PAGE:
Francisco Franco: is it accurate to call the Spanish dictator a fascist?
It’s a popular question that surrounds Francisco Franco, the Spanish general who became a dictator after the Spanish Civil War, and one that is not easy to answer. Rob Attar asked Professor Paul Preston for his view…
For a recent edition of our Everything You Wanted To Know podcast series I spoke to Professor Paul Preston about the Spanish Civil War, which pitted the Spanish Republic against the Nationalist rebels led by Francisco Franco, who would go on to rule Spain until 1975.
One question I put to Preston – that frequently arises in discussions of Franco – is whether or not he was a ‘fascist’. It’s not a simple question to answer, because, as he explained, “it gets us into the whole area of what ‘fascist’ means”.
“If people are looking for a quick and easy insult to those on the right, then fascist, is your go-to term,” he says. “If you're asking an academic political theorist what constitutes a fascist then you’d have to say Franco isn’t.”
- Listen | Paul Preston responds to listener queries and popular search enquiries about the conflict that tore Spain apart from 1936–39
But that’s not intended to let the Spanish dictator off the hook. “I caused quite a stir in Spain a few years ago when asked this question,” Preston recalled, “and I said Franco wasn't a fascist … he was something much worse.
“What I meant by that is that the only absolutely indisputable fascist leader is Mussolini and the only indisputably fascist regime is Mussolini's regime. And, there are so many ways in which Franco is different.”
How, then, was Franco “much worse”? Preston argues that Franco was a “deeply conservative” man who, having previously served with the Spanish Army in North Africa, “had the mental furniture of a Spanish colonial officer”. This had seemingly imbued him with a shocking disregard for human life.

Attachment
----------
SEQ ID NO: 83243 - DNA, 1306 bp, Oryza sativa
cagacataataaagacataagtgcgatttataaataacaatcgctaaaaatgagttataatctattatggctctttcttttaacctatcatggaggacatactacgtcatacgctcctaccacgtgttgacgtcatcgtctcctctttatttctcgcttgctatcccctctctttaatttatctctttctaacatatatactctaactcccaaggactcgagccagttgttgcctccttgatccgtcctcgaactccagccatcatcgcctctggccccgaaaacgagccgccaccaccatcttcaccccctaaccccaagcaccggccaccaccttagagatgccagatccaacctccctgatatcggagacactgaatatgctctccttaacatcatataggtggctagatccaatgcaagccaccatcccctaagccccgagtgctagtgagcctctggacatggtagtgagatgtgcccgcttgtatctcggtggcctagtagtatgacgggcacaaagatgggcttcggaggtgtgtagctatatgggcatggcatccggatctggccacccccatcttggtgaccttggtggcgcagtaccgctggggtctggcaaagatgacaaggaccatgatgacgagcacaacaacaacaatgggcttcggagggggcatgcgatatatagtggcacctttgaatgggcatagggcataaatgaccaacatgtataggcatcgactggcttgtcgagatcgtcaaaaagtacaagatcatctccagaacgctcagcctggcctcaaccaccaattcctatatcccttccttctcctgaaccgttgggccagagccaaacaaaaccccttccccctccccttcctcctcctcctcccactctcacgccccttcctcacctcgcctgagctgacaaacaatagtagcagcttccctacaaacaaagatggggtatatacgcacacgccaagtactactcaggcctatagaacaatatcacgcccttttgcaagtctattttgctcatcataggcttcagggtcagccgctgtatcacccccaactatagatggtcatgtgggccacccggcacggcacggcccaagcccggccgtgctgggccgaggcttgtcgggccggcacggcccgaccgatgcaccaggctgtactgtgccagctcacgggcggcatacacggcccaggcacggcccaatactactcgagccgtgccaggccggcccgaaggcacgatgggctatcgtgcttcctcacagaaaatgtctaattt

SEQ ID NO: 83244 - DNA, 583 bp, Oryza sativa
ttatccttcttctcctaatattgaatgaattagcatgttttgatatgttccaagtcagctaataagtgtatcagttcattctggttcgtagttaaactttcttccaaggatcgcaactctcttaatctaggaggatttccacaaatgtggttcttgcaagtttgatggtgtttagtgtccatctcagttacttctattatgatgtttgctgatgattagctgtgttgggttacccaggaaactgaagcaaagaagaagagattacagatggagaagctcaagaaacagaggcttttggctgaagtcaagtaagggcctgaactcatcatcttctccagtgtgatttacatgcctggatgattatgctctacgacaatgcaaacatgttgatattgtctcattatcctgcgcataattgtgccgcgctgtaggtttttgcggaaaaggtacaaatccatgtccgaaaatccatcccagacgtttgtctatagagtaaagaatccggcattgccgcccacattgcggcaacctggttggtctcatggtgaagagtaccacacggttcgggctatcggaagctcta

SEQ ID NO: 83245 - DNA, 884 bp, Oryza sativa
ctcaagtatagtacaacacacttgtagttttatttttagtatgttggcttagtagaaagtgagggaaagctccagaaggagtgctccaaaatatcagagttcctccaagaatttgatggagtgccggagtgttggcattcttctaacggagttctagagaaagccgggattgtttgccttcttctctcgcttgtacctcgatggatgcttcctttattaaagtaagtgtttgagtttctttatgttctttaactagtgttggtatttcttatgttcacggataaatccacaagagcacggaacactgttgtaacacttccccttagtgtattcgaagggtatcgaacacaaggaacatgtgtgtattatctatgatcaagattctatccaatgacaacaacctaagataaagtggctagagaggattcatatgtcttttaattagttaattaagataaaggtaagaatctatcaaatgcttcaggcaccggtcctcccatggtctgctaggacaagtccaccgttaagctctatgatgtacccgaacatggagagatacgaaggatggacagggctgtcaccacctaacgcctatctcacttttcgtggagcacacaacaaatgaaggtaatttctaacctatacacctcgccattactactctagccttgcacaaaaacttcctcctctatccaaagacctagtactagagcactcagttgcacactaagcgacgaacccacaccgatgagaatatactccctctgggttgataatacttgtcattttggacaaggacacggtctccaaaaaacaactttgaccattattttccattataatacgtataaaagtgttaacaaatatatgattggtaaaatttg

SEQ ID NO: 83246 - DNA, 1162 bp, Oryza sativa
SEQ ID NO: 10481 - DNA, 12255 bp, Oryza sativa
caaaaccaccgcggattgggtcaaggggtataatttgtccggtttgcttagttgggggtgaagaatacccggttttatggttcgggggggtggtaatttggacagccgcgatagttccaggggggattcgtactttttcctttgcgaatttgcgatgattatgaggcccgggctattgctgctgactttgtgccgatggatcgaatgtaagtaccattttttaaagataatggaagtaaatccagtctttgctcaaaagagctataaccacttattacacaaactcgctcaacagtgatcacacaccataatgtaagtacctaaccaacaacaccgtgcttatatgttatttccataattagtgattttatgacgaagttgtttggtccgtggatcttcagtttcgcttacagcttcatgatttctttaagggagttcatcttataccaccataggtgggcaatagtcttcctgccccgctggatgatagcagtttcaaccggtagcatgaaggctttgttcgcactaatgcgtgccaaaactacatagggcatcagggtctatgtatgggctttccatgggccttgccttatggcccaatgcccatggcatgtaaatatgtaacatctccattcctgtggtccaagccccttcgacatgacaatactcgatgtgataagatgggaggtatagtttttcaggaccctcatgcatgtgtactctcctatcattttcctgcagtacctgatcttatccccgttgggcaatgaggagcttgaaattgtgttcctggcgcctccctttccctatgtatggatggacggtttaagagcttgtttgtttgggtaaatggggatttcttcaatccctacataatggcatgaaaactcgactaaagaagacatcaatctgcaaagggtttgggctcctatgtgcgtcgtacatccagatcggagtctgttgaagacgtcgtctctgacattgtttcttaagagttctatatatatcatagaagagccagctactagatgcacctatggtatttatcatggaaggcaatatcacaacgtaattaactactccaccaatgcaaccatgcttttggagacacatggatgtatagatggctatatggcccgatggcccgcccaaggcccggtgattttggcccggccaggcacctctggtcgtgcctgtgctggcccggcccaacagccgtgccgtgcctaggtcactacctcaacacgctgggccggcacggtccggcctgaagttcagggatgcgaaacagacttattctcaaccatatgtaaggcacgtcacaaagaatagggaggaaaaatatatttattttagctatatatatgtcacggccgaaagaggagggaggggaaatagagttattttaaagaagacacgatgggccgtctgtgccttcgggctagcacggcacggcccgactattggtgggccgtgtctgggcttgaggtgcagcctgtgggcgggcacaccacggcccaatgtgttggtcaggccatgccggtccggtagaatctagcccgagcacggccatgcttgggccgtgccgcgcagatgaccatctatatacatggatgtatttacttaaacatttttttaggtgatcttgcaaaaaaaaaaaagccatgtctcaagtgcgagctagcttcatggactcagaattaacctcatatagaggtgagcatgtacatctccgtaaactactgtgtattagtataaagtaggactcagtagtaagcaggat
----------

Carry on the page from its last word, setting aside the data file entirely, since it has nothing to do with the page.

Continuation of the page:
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“In one of the very first interviews that he did at the beginning of the war, he said ‘I’ll soon control all of Spain’. The journalist, an American called Jay Allen, said, ‘Well that means you’d have to shoot half of Spain’ and Franco replied, ‘If that’s what’s necessary, that’s what will be done’. Now I don’t think Mussolini ever planned on shooting half of Italy.”
In the early months of 1939, victory for Franco’s Nationalist forces in the Spanish Civil War became inevitable. The elected Republican government began planning peace negotiations – only for a treacherous army commander to derail their hopes for an end to violence...
Ultimately though, whether or not Franco was a fascist, is a ‘technicality’ in Preston’s view. As he points out, Franco was extremely close to Mussolini and Adolf Hitler – who both provided critical aid to his forces during the Spanish Civil War – and was “so much part of what will become the Axis”, although ultimately wouldn’t officially join the alliance.
And Preston believes it’s fair to describe those ranged against Franco, as ‘anti-fascist’. “Why did the International Brigades come to Spain? Franco was so close to Hitler and Mussolini and their ambitions that his opponents, especially from outside Spain, were saying ‘We have to stop fascism in Spain because if we don't, next, it will be Paris being bombed. And it will be London being bombed.’ So in that sense, it’s not so much that Franco was a fascist, but the opposition to him was very much anti-fascist.”
Paul Preston is Professor of International History at the London School of Economics. His books include The Last Days of the Spanish Republic (William Collins, 2016)
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